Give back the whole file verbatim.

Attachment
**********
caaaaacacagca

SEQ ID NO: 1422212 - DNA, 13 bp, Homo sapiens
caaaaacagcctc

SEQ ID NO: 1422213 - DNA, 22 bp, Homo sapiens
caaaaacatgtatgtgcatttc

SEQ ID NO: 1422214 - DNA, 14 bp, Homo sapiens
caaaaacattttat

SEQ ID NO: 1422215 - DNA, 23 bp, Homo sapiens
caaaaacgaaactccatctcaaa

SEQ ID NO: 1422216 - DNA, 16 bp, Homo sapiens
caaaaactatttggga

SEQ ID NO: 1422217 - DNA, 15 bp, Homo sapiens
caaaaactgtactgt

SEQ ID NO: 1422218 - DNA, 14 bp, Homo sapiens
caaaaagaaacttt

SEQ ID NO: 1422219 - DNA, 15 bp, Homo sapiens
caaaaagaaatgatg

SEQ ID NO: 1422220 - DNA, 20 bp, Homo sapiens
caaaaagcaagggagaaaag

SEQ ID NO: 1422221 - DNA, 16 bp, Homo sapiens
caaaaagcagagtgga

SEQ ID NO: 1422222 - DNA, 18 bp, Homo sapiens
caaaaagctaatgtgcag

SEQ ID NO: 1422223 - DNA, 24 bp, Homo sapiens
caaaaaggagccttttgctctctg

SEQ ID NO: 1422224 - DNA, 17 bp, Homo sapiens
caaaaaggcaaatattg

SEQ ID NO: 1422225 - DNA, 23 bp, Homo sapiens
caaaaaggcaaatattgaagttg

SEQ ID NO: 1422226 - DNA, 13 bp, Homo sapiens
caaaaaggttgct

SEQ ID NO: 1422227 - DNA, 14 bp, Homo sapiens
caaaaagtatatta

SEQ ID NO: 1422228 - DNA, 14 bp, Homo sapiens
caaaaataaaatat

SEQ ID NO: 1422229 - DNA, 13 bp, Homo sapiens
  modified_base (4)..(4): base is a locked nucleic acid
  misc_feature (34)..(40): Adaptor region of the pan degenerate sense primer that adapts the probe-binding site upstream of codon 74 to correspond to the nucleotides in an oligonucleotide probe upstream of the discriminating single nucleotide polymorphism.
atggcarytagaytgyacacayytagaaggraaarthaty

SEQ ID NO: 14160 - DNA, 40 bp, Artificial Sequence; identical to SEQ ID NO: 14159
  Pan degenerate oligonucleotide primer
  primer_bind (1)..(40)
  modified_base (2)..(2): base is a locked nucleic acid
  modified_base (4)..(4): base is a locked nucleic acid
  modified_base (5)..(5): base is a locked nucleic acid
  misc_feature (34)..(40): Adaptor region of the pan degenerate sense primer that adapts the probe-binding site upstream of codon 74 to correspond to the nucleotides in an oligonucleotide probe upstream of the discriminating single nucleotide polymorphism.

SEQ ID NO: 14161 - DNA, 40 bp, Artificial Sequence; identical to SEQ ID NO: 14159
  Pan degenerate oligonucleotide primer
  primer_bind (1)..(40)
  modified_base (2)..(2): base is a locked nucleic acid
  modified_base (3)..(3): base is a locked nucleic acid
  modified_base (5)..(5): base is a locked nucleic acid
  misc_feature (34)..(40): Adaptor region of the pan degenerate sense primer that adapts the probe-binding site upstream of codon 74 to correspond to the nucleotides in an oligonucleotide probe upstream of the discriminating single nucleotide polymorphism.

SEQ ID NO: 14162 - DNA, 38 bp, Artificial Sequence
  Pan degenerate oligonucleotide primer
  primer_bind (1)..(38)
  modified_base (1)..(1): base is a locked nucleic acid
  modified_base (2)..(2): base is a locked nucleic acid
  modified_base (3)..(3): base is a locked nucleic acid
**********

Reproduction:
caaaaacacagca

SEQ ID NO: 1422212 - DNA, 13 bp, Homo sapiens
caaaaacagcctc

SEQ ID NO: 1422213 - DNA, 22 bp, Homo sapiens
caaaaacatgtatgtgcatttc

SEQ ID NO: 1422214 - DNA, 14 bp, Homo sapiens
caaaaacattttat

SEQ ID NO: 1422215 - DNA, 23 bp, Homo sapiens
caaaaacgaaactccatctcaaa

SEQ ID NO: 1422216 - DNA, 16 bp, Homo sapiens
caaaaactatttggga

SEQ ID NO: 1422217 - DNA, 15 bp, Homo sapiens
caaaaactgtactgt

SEQ ID NO: 1422218 - DNA, 14 bp, Homo sapiens
caaaaagaaacttt

SEQ ID NO: 1422219 - DNA, 15 bp, Homo sapiens
caaaaagaaatgatg

SEQ ID NO: 1422220 - DNA, 20 bp, Homo sapiens
caaaaagcaagggagaaaag

SEQ ID NO: 1422221 - DNA, 16 bp, Homo sapiens
caaaaagcagagtgga

SEQ ID NO: 1422222 - DNA, 18 bp, Homo sapiens
caaaaagctaatgtgcag

SEQ ID NO: 1422223 - DNA, 24 bp, Homo sapiens
caaaaaggagccttttgctctctg

SEQ ID NO: 1422224 - DNA, 17 bp, Homo sapiens
caaaaaggcaaatattg

SEQ ID NO: 1422225 - DNA, 23 bp, Homo sapiens
caaaaaggcaaatattgaagttg

SEQ ID NO: 1422226 - DNA, 13 bp, Homo sapiens
caaaaaggttgct

SEQ ID NO: 1422227 - DNA, 14 bp, Homo sapiens
caaaaagtatatta

SEQ ID NO: 1422228 - DNA, 14 bp, Homo sapiens
caaaaataaaatat

SEQ ID NO: 1422229 - DNA, 13 bp, Homo sapiens
  modified_base (4)..(4): base is a locked nucleic acid
  misc_feature (34)..(40): Adaptor region of the pan degenerate sense primer that adapts the probe-binding site upstream of codon 74 to correspond to the nucleotides in an oligonucleotide probe upstream of the discriminating single nucleotide polymorphism.
atggcarytagaytgyacacayytagaaggraaarthaty

SEQ ID NO: 14160 - DNA, 40 bp, Artificial Sequence; identical to SEQ ID NO: 14159
  Pan degenerate oligonucleotide primer
  primer_bind (1)..(40)
  modified_base (2)..(2): base is a locked nucleic acid
  modified_base (4)..(4): base is a locked nucleic acid
  modified_base (5)..(5): base is a locked nucleic acid
  misc_feature (34)..(40): Adaptor region of the pan degenerate sense primer that adapts the probe-binding site upstream of codon 74 to correspond to the nucleotides in an oligonucleotide probe upstream of the discriminating single nucleotide polymorphism.

SEQ ID NO: 14161 - DNA, 40 bp, Artificial Sequence; identical to SEQ ID NO: 14159
  Pan degenerate oligonucleotide primer
  primer_bind (1)..(40)
  modified_base (2)..(2): base is a locked nucleic acid
  modified_base (3)..(3): base is a locked nucleic acid
  modified_base (5)..(5): base is a locked nucleic acid
  misc_feature (34)..(40): Adaptor region of the pan degenerate sense primer that adapts the probe-binding site upstream of codon 74 to correspond to the nucleotides in an oligonucleotide probe upstream of the discriminating single nucleotide polymorphism.

SEQ ID NO: 14162 - DNA, 38 bp, Artificial Sequence
  Pan degenerate oligonucleotide primer
  primer_bind (1)..(38)
  modified_base (1)..(1): base is a locked nucleic acid
  modified_base (2)..(2): base is a locked nucleic acid
  modified_base (3)..(3): base is a locked nucleic acid